Defenders: Sergio Ramos, Carles Puyol, Gerard Pique, and Álvaro Arbeloa (Arbeloa's function as a versatile defender able to play on either side makes him even more valuable).
Midfielders: Javi Martínez (whose ability to play at center back, even if he has not yet fully convinced there in the experiments Del Bosque has carried out for Spain, makes him an even more useful addition), Xabi Alonso, Xavi, Santi Cazorla (who played as a deeper midfielder against Scotland and played brilliantly once more), Cesc Fabregas, Andres Iniesta, Sergio Busquets, David Silva and Juan Mata. (Of whom Mata, Silva, and even Iniesta, Cesc and Cazorla can and have been used as and described as forwards by Del Bosque).
Forwards: David Villa, Fernando Llorente, and Pedro (if, like Del Bosque, you call Pedro a forward rather than a wide creative midfielder).
That's 19 players, which leaves four more places which are less clear cut.
One will have to be a left back. Nacho Monreal and Jose Enrique remain possibilities (Del Bosque will include Arbeloa but remains a little unsure about him as a first choice left back), while Del Bosque has also intimated that he will be watching José Ángel at Roma. Plus, of course, a winter window move and subsequent good performances could see Joan Capdevila get back in. But Jordi Alba's inclusion and impressive display against Scotland suggests that he will be the 19th player in the list above.
Another will be a center back. In fact, there may even be two more center backs included (although the inclusion of Javi Martínez suggests it could be just one). Carlos Marchena was a regular until recently, Raúl Albiol's lack of club minutes concerns del Bosque -- and indeed Albiol himself who has investigated the possibilities of moving in the winter window. In the last get together at the start of October there were call ups too for the U-21s center-back pairing of Sporting Gijón's Alberto Botía and Atlético Madrid's Álvaro Domínguez (who Del Bosque also believes may be able to play at left back). If he gets minutes, it is likely to be Albiol.
In midfield, Del Bosque was keen to add Jesús Navas as a more direct alternative for the World Cup but the Sevilla winger appears to be slipping from contention -- not least because of the performance. There could be another place for Thiago Alcántara, instead. Del Bosque has been quick not just to call him up but to give him minutes. The Spain coach also appears to have half an eye on the future, a legacy, as well as just this summer. Want an outside bet? Who knows, a brilliant season for Athletic Bilbao could even see a place for Iker Muniaín.
Up front there has been huge debate about the strikers that Spain will take.
Del Bosque has included Fernando Torres, Fernando Llorente (whose ability to hold the ball up and offer a different approach he admires) and Alvaro Negredo in the squad of late; Roberto Soldado, who has the best goals per minute ration of any Spaniard in 2011, has not been called up. His continued overlooking suggests that for all his goals, and while it was Del Bosque who first brought Soldado to Real Madrid as director of the youth academy many years ago, there is something that does not entirely convince him.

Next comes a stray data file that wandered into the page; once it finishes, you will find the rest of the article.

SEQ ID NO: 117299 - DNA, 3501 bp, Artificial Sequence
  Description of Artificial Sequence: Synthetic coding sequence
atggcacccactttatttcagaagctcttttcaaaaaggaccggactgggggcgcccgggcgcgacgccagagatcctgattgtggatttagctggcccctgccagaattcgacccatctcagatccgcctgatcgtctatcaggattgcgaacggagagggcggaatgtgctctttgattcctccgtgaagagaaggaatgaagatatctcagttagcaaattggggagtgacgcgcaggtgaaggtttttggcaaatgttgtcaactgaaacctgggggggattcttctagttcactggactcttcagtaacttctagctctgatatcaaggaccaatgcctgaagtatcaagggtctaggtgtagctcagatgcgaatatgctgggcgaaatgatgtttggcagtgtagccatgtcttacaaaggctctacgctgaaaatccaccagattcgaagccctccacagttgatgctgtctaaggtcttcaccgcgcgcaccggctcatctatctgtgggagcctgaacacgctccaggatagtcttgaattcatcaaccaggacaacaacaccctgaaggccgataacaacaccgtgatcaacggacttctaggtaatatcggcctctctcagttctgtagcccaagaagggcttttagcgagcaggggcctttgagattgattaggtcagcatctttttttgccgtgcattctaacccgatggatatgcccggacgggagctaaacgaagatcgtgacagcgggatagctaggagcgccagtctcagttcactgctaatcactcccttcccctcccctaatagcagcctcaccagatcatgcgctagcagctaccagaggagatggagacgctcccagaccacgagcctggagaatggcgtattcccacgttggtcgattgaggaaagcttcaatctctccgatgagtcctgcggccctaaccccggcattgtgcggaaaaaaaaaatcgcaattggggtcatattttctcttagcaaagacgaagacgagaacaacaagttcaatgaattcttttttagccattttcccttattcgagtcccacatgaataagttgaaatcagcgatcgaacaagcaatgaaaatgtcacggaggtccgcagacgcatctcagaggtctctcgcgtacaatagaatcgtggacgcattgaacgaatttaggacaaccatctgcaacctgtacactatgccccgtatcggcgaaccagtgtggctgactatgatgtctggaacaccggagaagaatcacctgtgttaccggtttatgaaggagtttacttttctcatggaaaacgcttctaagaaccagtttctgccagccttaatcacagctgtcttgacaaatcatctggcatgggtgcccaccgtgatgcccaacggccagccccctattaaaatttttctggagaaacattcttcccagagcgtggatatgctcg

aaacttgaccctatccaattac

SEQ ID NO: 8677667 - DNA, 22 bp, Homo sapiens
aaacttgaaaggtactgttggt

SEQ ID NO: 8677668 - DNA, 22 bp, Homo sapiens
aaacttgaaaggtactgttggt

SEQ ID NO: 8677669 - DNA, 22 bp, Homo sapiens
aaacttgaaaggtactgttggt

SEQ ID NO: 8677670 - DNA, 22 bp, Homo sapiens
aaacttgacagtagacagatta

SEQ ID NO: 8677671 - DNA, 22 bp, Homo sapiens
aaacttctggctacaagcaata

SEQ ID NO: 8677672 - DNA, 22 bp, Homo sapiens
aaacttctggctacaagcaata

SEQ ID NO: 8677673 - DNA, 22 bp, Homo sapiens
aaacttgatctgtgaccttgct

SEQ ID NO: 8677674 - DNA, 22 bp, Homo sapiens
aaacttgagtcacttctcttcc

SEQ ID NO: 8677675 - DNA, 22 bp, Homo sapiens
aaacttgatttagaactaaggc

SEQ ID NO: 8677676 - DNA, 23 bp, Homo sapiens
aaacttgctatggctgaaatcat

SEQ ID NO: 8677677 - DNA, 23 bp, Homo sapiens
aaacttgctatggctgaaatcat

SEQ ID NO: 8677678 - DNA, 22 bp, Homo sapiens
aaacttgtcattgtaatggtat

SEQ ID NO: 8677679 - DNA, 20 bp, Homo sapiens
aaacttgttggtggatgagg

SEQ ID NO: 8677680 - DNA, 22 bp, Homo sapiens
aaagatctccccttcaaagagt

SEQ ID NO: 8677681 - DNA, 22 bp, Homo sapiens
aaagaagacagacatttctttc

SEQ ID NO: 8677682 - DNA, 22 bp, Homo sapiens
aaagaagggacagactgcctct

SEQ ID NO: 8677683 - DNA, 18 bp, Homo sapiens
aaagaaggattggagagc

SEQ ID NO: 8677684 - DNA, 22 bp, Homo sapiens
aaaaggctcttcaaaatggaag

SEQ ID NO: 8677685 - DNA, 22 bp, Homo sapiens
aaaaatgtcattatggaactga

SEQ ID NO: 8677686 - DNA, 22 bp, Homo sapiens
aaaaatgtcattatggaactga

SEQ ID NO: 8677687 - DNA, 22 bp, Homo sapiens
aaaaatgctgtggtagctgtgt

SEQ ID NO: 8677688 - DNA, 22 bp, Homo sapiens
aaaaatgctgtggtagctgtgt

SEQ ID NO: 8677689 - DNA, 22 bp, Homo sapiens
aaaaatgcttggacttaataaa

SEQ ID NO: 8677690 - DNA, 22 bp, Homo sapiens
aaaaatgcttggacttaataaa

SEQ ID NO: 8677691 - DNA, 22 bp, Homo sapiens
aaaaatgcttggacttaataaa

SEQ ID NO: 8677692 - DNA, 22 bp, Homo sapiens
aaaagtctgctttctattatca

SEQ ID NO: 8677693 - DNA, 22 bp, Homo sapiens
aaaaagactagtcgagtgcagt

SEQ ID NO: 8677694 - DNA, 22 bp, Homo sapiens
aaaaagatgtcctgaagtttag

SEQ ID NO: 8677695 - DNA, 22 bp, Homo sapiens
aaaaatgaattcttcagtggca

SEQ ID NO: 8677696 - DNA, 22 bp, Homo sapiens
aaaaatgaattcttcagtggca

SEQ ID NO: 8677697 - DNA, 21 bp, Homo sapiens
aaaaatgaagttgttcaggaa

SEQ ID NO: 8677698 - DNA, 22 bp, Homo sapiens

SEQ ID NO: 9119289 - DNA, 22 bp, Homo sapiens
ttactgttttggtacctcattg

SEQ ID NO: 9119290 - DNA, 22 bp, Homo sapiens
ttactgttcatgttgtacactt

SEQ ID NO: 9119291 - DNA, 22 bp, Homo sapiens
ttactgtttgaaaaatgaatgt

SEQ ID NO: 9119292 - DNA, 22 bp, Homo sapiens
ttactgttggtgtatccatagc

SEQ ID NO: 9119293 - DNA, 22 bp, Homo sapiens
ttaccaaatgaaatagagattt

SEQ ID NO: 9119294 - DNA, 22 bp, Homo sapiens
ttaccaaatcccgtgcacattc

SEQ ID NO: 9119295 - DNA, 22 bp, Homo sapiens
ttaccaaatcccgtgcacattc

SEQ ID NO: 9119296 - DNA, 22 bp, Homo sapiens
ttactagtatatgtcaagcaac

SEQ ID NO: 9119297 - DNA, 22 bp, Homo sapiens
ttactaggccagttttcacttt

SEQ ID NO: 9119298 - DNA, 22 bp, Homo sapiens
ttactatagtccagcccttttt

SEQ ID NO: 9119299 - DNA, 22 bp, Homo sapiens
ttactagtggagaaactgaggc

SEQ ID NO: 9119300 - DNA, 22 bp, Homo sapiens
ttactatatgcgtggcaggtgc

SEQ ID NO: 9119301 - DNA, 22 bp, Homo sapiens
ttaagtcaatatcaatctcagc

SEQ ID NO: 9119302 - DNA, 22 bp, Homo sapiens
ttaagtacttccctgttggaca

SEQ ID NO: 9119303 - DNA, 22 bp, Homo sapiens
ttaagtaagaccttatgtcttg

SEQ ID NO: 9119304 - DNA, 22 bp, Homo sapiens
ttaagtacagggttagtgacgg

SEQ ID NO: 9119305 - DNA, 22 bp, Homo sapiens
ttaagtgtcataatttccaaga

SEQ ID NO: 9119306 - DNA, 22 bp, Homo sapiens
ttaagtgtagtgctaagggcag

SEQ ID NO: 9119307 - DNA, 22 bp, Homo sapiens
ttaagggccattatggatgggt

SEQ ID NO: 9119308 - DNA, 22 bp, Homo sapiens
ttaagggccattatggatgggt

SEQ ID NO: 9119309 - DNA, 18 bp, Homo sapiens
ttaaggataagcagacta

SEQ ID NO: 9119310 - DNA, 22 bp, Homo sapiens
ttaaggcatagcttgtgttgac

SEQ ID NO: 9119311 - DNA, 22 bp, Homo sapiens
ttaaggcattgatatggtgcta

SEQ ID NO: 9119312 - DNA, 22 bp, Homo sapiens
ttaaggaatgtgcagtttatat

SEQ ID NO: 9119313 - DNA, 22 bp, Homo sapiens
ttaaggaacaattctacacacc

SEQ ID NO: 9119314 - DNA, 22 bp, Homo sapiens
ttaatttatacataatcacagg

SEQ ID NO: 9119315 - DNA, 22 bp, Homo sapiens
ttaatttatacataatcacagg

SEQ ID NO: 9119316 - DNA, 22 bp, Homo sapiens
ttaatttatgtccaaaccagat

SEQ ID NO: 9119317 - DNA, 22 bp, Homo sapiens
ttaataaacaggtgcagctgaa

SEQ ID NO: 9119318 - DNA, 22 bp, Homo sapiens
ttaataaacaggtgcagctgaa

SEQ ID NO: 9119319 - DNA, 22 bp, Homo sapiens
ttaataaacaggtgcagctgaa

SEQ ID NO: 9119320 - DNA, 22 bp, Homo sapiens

A recent poll had Spain fans voting for Villa first (43 percent) -- and there is no doubt about his position after he scored his 50th Spain goal on Tuesday night -- then Llorente (16 percent), then Soldado (15 percent), then Torres (14 percent) and finally Negredo with just 12 percent, despite having scored an impressive five times for Spain at a goal every 73 minutes. For Negredo it was a surprise; for Torres, it represented a slip.In the collective conscience he is no longer considered irreplaceable following a disappointing World Cup and a difficult start to his Chelsea career.
One columnist even claimed that Torres was living entirely off his winning goal at the Euro 2008 final.
Yet while some are lining up to declare Torres no longer worthy of a place in the Spain squad, he continues to have the support of Del Bosque. Del Bosque has been quick to flag up his recent improved form for Chelsea, has long praised the work he does to open up defenses for others -- something Villa has been keen to do too -- and has shown both loyalty to those who have achieved in the past, talking often of "trajectory," and also a predilection for those who help to build a strong group. Universally liked, Torres undoubtedly does that.
Against Scotland, though, Torres did not come off the bench. And the pressure continues to build.
There are still some places with no clear candidate to occupy them and others where the incumbent's position is not steadfast. There are cases to be made and cases to be won and lost. But one thing's for sure -- Spain's squad will be almost ridiculously strong yet again.